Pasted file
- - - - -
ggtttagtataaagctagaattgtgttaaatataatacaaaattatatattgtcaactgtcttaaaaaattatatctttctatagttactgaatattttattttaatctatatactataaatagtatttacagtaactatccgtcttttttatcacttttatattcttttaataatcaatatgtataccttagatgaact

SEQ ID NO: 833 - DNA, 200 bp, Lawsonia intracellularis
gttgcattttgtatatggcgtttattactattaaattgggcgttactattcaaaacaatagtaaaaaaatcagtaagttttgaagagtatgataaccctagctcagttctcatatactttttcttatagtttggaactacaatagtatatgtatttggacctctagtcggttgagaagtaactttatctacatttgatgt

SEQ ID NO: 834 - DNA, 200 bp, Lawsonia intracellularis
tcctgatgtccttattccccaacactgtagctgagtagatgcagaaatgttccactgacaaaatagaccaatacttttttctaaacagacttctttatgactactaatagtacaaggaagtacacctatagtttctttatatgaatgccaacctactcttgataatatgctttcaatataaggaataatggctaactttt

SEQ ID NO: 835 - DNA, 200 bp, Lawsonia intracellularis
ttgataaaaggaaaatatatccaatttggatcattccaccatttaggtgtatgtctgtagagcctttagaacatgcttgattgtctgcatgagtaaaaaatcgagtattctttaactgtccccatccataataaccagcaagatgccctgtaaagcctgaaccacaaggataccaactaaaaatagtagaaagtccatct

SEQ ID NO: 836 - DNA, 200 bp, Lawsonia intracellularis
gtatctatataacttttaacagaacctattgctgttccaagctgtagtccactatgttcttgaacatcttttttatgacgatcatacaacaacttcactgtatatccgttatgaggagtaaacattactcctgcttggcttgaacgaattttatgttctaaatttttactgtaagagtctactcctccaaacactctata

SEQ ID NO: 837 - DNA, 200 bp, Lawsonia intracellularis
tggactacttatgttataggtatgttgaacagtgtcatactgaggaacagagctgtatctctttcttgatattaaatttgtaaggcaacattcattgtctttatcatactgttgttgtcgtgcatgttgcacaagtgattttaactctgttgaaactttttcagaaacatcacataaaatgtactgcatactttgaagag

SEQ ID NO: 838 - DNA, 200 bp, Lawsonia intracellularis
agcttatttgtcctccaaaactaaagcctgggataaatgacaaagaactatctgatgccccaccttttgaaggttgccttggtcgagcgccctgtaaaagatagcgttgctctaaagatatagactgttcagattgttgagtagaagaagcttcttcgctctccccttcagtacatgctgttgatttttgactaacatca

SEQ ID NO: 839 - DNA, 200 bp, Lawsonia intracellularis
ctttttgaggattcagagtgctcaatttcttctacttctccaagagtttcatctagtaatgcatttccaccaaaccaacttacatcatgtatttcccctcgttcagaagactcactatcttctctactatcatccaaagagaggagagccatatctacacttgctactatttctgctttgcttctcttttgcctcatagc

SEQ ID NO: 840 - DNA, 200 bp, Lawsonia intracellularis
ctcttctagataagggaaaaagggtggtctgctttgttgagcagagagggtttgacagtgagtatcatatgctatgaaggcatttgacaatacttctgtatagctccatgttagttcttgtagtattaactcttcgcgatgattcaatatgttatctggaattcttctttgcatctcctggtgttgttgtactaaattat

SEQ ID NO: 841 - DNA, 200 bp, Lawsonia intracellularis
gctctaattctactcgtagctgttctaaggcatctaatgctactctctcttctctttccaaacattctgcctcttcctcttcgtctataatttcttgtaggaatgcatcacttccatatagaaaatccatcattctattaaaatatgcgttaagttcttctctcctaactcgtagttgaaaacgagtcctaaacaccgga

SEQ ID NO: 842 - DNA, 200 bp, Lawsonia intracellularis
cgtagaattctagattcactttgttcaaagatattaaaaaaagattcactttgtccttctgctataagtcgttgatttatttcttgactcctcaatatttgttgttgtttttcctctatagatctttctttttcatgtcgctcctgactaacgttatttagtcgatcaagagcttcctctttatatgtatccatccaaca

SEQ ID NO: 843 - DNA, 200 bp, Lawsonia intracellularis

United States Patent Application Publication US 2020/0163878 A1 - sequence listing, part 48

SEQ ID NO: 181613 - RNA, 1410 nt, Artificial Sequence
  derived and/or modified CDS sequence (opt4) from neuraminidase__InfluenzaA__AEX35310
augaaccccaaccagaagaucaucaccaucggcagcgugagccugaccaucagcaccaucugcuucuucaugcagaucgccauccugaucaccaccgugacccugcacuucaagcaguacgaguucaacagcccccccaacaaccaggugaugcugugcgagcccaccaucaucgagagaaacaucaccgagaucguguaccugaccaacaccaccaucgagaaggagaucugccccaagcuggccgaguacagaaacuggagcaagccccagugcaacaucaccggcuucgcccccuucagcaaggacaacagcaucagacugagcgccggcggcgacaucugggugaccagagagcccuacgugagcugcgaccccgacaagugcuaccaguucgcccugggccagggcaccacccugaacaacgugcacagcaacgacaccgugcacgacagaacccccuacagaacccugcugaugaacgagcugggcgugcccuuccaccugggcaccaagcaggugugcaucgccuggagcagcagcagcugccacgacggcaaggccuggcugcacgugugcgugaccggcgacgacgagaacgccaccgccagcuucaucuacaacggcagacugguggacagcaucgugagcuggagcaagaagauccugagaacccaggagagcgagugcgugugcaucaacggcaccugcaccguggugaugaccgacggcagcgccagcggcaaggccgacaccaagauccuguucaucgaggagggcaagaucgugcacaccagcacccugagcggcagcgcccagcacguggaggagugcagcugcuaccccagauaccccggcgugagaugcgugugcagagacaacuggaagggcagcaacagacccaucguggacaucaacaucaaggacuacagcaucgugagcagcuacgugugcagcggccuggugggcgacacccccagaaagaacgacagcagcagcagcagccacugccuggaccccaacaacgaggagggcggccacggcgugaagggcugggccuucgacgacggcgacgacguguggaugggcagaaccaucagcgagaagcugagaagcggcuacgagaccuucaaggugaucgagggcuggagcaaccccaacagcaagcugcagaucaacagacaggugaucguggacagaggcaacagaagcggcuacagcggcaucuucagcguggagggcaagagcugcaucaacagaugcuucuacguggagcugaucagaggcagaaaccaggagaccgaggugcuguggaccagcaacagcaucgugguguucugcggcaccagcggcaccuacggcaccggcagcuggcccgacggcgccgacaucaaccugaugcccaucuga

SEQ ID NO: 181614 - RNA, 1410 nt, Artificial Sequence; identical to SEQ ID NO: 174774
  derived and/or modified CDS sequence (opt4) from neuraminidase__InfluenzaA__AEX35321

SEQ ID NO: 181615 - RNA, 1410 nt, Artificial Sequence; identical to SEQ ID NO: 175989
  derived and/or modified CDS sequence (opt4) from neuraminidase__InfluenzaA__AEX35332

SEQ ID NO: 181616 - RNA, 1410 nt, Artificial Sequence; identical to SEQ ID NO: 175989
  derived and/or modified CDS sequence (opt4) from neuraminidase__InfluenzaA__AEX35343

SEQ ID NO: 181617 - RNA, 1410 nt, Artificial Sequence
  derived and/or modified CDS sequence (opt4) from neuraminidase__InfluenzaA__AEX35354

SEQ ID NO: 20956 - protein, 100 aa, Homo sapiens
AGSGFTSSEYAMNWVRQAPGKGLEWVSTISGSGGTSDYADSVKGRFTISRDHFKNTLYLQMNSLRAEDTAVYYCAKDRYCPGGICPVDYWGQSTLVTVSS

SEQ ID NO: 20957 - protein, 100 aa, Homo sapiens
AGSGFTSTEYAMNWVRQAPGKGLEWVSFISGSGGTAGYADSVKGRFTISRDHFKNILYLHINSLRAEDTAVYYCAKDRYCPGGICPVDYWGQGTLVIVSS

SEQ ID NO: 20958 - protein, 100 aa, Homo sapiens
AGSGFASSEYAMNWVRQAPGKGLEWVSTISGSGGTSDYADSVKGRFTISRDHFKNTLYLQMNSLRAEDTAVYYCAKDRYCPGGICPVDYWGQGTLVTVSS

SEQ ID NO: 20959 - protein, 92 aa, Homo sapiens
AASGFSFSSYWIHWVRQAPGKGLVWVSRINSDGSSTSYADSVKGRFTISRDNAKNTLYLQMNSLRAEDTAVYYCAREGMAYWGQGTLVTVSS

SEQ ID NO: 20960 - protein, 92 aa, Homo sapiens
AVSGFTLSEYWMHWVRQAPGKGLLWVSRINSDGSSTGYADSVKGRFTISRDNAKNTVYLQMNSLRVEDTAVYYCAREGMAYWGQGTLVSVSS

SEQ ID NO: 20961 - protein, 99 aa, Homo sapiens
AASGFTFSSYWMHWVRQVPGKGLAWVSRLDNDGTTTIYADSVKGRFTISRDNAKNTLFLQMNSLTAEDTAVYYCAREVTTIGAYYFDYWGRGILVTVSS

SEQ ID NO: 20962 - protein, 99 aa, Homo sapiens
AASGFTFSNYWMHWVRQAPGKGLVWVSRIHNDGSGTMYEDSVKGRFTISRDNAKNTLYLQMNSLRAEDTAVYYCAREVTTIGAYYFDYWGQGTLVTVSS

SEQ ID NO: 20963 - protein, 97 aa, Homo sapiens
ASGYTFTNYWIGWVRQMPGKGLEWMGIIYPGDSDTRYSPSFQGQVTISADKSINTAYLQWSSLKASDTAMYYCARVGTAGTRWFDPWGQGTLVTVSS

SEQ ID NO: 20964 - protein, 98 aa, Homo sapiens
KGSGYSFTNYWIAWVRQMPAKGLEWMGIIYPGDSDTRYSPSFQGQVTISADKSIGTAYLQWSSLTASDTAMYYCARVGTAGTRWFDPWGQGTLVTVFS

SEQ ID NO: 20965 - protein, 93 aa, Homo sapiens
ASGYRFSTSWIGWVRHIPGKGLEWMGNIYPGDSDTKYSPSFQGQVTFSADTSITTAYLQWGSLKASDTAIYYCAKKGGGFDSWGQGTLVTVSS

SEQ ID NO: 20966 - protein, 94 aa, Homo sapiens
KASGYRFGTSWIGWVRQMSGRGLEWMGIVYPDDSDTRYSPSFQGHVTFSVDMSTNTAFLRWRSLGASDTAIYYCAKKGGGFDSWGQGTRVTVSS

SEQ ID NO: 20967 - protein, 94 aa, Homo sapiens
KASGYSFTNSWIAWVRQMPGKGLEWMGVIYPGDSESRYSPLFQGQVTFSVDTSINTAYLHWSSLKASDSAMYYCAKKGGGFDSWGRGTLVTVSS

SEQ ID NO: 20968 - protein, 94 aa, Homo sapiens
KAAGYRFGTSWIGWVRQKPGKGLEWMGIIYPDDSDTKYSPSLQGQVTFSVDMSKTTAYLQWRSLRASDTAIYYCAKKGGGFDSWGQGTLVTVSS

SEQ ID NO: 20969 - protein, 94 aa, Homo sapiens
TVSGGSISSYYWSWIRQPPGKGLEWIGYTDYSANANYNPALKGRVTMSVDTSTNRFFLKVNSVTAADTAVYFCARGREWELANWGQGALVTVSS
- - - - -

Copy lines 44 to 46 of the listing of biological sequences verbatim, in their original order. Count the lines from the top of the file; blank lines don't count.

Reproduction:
AVSGFTLSEYWMHWVRQAPGKGLLWVSRINSDGSSTGYADSVKGRFTISRDNAKNTVYLQMNSLRVEDTAVYYCAREGMAYWGQGTLVSVSS

SEQ ID NO: 20961 - protein, 99 aa, Homo sapiens
AASGFTFSSYWMHWVRQVPGKGLAWVSRLDNDGTTTIYADSVKGRFTISRDNAKNTLFLQMNSLTAEDTAVYYCAREVTTIGAYYFDYWGRGILVTVSS